So statistically I’d say that district events can be more challenging when it comes to qualifying rounds. I’d be hard pressed to say that about elimination rounds. Teams from less competitive/less experienced areas tend to get left out of the elimination rounds at championships. And while it may be difficult to get much more competitive than the final rounds of a high level district event, I think even the high level teams would be willing to point out that by the time you get to Einstein, you’ve got to step it up a notch.

Part of the reason for this, of course, is that in order to be a district you need to have a large number of established teams and events. In order to host a regional you just need some generous sponsors, a few dozen crazy volunteers and a bunch of rookie teams. (Ask me how I know! :slight_smile: )

The twenty first and second year teams in BC were fortunate to be joined by some amazing teams from Ontario, California and Alberta… but we don’t have their veteran experience to share all year. Until we generate our own, local, expertise, you’ll find that there will be teams from BC struggling to play above .500 in qualifying rounds at Houston. Mind you, we seem to have figured out VRC pretty well… so maybe it won’t be so many years before we’re boosting the level of competition in Houston!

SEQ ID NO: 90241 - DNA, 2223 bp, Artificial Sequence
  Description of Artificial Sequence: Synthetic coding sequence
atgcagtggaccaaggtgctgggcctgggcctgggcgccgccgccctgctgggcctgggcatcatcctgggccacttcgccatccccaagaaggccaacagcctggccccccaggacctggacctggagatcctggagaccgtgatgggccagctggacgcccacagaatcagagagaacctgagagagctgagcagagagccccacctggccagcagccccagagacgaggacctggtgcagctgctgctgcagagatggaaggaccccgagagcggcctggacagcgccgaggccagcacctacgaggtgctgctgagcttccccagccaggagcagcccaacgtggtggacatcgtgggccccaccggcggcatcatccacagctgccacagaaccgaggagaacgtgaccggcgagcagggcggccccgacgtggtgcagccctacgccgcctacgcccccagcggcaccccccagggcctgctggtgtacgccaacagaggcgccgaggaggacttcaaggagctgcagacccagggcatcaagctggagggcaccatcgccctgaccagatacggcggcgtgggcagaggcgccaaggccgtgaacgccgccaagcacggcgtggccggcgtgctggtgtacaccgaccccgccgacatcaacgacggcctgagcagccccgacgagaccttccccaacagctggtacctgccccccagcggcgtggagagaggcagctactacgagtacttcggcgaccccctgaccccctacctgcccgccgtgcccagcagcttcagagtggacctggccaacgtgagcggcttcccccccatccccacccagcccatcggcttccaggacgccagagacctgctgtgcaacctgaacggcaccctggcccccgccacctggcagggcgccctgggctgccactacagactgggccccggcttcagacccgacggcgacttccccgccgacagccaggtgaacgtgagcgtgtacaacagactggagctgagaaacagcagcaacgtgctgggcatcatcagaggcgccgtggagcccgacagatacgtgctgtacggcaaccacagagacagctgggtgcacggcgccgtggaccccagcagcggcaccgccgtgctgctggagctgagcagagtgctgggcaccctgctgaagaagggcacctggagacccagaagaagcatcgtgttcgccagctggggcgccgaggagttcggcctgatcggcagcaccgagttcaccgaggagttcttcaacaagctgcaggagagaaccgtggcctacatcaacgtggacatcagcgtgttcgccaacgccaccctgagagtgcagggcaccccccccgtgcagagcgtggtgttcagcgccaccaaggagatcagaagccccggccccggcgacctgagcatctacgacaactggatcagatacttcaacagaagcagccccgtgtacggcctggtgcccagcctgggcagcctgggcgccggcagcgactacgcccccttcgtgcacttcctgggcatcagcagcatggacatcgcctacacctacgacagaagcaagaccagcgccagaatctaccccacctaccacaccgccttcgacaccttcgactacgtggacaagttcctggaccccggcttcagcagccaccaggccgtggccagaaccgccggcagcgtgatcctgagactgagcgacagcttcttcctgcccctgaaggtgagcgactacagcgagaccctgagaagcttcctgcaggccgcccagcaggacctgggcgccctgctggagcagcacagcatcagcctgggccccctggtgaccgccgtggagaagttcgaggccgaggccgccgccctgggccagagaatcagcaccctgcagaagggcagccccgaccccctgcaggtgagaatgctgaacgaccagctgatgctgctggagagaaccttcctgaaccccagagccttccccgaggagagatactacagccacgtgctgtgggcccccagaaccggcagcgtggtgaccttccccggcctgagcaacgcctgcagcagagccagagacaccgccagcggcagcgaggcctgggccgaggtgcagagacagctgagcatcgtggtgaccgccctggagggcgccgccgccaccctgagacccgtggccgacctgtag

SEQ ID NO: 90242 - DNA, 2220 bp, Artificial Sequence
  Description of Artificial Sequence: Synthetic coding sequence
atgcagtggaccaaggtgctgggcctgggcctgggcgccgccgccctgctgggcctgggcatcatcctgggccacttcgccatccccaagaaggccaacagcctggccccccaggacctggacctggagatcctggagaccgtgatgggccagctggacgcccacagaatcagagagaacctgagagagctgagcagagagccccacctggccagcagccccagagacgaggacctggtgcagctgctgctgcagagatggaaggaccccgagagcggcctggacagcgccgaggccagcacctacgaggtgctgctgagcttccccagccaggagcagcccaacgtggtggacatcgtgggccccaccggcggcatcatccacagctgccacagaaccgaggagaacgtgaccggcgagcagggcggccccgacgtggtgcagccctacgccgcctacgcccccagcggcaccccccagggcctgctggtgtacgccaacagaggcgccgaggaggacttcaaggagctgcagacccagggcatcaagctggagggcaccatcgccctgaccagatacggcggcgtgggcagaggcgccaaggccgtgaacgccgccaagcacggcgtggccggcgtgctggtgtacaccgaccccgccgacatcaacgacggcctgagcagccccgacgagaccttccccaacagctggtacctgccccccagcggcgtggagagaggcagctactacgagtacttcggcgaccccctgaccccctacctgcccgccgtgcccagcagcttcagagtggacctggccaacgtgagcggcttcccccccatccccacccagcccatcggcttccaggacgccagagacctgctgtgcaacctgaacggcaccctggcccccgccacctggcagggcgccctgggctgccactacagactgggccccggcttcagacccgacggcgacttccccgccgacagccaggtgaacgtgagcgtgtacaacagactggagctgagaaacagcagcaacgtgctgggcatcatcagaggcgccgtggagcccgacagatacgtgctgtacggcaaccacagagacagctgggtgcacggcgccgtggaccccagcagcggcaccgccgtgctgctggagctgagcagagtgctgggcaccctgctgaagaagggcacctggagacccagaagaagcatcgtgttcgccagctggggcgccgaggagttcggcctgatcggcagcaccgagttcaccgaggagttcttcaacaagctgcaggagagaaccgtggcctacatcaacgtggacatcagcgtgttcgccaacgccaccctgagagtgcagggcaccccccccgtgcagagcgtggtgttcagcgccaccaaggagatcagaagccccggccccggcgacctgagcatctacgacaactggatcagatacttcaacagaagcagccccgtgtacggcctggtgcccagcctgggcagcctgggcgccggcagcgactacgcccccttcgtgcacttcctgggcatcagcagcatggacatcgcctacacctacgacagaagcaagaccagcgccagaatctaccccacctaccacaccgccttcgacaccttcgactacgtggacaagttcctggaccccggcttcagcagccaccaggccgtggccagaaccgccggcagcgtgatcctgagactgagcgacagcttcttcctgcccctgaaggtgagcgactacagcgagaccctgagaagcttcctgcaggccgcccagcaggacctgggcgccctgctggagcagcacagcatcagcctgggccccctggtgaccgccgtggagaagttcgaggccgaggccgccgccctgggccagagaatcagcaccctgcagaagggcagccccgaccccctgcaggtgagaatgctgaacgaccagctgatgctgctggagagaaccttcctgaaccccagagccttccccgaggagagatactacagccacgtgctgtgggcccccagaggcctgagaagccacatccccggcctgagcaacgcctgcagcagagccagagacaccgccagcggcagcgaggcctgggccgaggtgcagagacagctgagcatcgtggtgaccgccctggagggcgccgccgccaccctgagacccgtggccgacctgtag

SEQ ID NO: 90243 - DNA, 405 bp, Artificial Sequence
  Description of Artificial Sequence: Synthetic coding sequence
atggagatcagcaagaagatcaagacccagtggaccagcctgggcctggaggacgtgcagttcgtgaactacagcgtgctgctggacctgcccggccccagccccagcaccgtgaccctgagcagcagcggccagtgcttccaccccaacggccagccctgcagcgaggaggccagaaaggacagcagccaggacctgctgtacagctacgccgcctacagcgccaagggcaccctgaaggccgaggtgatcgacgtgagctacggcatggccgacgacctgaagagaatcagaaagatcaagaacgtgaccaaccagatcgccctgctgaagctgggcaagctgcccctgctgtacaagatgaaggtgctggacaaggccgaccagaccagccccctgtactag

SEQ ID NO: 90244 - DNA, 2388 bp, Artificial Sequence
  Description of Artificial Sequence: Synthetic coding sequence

Another example of this is 5026. This season, we were semifinalists at both our events (once as captain(3rd seed) and once as first pick(6th seed), earning awards at each and a total of 92 district points at the two events. (by my math, please correct me if I am wrong here)